Medical malpractice cases have two parts—negligence and causation. There has to be malpractice, and it has to cause injury. In a misdiagnosis of cancer case, there may be malpractice in missing the cancer, but the misdiagnosis must cause a difference in the survival prognosis. In other words, if the chances of survival are greater than 50 percent if the cancer was caught early, and the delay caused the chances of survival to drop below 50 percent, that would be a malpractice case. Both elements—negligence and causation—would be satisfied.

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How do I find out about my Doctor?

The Florida Board of Medicine has a website where anyone can get information about their doctor—education, hospital privileges, board certification, and any claims against him or her. There’s a link on SinclairLawOffices.com which says “Give Your Doctor a Checkup.” Click there and it’ll take you directly to the Board of Medicine.

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What is a Living Will and how do I get one?

A Living Will is a written statement detailing a person’s desires regarding their medical treatment in circumstances in which they are no longer able to express informed consent, especially an advance directive. You can download one free from this website.

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Who can sue for nursing home abuse?

For medical malpractice, the only person who can sue for the death of a loved one would be a surviving spouse or children under 25. NOT SO for nursing home abuse cases. Any family member would be able to bring a nursing home abuse case. If it involves a death, that would be the person who is or who is going to be appointed the personal representative of the estate.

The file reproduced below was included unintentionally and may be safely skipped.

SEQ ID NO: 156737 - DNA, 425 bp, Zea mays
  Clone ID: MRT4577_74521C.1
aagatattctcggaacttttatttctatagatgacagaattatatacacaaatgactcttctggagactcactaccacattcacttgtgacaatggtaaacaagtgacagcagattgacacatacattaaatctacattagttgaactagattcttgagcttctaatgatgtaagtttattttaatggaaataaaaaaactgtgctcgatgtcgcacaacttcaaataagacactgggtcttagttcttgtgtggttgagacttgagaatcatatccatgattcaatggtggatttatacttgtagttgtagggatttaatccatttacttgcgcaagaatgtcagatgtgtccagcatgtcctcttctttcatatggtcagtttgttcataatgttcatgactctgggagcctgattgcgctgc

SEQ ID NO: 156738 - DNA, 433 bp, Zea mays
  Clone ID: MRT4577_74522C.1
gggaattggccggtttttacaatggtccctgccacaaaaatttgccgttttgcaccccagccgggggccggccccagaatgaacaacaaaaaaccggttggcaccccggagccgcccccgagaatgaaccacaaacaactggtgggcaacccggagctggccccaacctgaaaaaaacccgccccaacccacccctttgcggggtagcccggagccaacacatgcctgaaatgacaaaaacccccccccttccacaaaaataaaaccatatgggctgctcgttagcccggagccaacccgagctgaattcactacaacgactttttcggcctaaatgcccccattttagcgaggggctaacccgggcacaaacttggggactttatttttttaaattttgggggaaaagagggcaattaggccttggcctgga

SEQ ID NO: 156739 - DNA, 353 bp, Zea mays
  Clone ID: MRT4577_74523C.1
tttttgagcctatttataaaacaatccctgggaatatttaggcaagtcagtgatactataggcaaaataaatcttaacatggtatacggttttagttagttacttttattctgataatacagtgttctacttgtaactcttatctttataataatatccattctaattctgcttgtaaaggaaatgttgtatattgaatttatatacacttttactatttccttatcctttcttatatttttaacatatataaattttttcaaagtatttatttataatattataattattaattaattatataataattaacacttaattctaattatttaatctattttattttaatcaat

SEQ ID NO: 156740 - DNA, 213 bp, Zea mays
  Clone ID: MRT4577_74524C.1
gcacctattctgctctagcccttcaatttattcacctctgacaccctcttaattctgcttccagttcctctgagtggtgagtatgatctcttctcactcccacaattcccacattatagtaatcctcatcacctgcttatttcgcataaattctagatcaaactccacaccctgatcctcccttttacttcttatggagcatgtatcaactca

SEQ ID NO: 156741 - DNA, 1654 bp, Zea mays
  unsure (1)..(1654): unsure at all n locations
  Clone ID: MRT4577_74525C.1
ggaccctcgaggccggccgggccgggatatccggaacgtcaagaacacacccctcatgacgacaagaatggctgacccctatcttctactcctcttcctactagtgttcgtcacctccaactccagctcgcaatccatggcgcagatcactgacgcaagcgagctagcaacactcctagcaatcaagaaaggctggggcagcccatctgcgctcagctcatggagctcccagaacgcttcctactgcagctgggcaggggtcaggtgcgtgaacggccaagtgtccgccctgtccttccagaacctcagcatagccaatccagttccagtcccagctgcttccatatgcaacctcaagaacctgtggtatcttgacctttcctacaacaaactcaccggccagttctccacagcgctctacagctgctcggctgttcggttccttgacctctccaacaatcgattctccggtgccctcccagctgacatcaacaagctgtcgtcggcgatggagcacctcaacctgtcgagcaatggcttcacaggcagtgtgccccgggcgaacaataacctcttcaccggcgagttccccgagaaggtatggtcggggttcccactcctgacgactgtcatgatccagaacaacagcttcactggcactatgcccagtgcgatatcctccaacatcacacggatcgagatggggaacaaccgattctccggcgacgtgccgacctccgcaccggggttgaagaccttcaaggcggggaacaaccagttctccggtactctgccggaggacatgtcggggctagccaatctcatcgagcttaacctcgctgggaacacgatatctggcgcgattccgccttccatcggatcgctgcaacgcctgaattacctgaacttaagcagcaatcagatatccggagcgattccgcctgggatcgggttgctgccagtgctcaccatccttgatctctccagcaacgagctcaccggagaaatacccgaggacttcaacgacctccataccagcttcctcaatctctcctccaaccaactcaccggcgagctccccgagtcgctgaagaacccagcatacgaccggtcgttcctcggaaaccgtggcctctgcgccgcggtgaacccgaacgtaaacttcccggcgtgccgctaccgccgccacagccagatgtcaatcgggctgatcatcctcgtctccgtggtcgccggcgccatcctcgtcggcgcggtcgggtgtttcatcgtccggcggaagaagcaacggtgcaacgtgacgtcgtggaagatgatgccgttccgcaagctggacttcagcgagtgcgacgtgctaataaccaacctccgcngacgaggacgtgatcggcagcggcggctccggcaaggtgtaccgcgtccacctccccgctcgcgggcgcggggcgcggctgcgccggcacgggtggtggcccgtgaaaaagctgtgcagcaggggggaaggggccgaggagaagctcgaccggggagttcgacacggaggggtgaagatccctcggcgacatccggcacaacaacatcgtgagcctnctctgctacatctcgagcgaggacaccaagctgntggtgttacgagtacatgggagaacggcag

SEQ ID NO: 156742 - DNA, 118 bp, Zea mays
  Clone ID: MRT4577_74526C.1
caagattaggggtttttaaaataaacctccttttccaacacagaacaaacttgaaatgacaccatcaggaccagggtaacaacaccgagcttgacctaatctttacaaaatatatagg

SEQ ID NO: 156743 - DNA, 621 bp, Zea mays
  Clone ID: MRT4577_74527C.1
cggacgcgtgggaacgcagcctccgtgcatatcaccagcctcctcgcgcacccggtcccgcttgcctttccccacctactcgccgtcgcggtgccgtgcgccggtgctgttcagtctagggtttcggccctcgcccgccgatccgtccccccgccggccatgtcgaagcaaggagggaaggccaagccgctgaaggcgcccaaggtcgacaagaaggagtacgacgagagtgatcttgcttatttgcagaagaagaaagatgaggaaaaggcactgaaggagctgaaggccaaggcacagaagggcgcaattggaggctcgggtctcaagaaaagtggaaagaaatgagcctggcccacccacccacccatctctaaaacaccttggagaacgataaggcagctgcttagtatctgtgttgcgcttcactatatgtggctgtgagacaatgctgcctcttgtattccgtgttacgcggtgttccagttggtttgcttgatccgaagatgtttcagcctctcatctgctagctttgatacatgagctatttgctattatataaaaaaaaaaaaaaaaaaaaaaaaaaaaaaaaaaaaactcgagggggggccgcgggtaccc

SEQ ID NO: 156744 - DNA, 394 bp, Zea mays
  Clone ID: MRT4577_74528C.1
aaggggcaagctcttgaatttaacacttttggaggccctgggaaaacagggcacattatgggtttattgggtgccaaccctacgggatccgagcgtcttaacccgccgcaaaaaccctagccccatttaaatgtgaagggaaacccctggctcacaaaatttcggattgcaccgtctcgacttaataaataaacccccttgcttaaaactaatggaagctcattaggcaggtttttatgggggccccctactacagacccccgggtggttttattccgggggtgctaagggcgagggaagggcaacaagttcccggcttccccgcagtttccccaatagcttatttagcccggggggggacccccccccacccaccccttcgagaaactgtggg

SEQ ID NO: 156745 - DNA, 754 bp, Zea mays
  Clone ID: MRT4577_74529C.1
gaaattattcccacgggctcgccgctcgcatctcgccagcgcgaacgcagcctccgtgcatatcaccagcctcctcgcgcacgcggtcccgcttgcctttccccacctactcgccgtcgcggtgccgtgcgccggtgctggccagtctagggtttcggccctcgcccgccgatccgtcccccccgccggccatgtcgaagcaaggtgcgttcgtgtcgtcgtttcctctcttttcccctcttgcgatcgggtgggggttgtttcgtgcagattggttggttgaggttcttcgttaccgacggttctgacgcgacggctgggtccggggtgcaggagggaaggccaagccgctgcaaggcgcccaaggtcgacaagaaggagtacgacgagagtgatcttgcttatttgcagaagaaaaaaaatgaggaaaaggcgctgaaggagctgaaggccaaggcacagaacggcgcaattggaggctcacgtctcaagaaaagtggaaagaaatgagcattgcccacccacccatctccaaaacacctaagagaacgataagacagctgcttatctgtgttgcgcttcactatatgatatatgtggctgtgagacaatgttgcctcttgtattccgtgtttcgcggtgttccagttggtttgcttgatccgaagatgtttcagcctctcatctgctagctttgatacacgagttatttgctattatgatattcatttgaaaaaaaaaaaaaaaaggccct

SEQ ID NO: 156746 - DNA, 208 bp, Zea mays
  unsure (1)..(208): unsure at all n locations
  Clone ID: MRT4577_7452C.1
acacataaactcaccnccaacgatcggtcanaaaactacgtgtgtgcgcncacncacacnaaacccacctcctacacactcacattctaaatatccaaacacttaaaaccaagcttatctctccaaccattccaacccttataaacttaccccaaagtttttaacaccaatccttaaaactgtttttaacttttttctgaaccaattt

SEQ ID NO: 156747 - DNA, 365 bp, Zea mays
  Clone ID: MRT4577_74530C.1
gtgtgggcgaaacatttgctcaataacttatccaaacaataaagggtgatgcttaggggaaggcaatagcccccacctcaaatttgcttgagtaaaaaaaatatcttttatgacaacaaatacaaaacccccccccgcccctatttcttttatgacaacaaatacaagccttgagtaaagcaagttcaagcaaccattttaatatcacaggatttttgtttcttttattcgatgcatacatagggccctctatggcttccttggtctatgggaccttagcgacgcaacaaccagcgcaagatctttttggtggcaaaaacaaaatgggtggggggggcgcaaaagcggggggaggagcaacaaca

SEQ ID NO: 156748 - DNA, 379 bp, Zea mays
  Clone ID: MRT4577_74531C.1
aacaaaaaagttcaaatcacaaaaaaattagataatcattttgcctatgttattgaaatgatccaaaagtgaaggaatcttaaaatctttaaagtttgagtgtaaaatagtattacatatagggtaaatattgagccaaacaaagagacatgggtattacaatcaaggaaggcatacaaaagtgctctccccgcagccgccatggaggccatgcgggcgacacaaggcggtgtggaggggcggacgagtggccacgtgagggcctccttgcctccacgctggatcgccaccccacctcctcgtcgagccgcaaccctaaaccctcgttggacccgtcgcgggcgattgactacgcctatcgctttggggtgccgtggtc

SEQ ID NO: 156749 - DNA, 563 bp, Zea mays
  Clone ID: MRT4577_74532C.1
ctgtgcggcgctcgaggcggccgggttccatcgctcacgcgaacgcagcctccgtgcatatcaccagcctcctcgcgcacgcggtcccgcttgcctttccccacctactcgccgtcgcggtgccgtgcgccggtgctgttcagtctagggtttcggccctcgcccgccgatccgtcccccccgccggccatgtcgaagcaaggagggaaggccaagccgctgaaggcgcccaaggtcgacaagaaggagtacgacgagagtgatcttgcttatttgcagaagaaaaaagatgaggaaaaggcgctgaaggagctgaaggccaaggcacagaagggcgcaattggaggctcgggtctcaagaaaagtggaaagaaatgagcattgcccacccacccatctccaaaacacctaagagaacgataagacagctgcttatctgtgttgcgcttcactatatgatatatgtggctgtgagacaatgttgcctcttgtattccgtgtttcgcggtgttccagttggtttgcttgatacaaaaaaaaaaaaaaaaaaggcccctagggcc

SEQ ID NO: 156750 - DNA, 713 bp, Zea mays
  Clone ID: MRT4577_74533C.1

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How Do I Know if I Have a Medical Malpractice Case?

The first step is to call Attorney Kip Sinclair for a free consultation. This can be by phone, in person or via Facetime. Mr. Sinclair has 30 years’ experience and often will be able to give you direction. Once he gets the medical records, he’ll consult with one of his nationally-recognized medical experts to discuss your case. He’ll let you know, and whether there’s a case or not, he’ll be able to explain to you what happened.

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Birth Injury—What Are My Options

There are several types of birth injuries that could be the result of medical malpractice. It could be a failure to diagnose and treat a problem that causes the newborn to die or to live with severe injuries—such as lack of oxygen due to fetal distress that wasn’t appropriately recognized or responded to. It could be an injury caused by the doctor or midwife, such as Erb’s palsy or shoulder dystocia, which is an injury to the nerves in the neck, causing arm paralysis. Any birth injury or death should be investigated.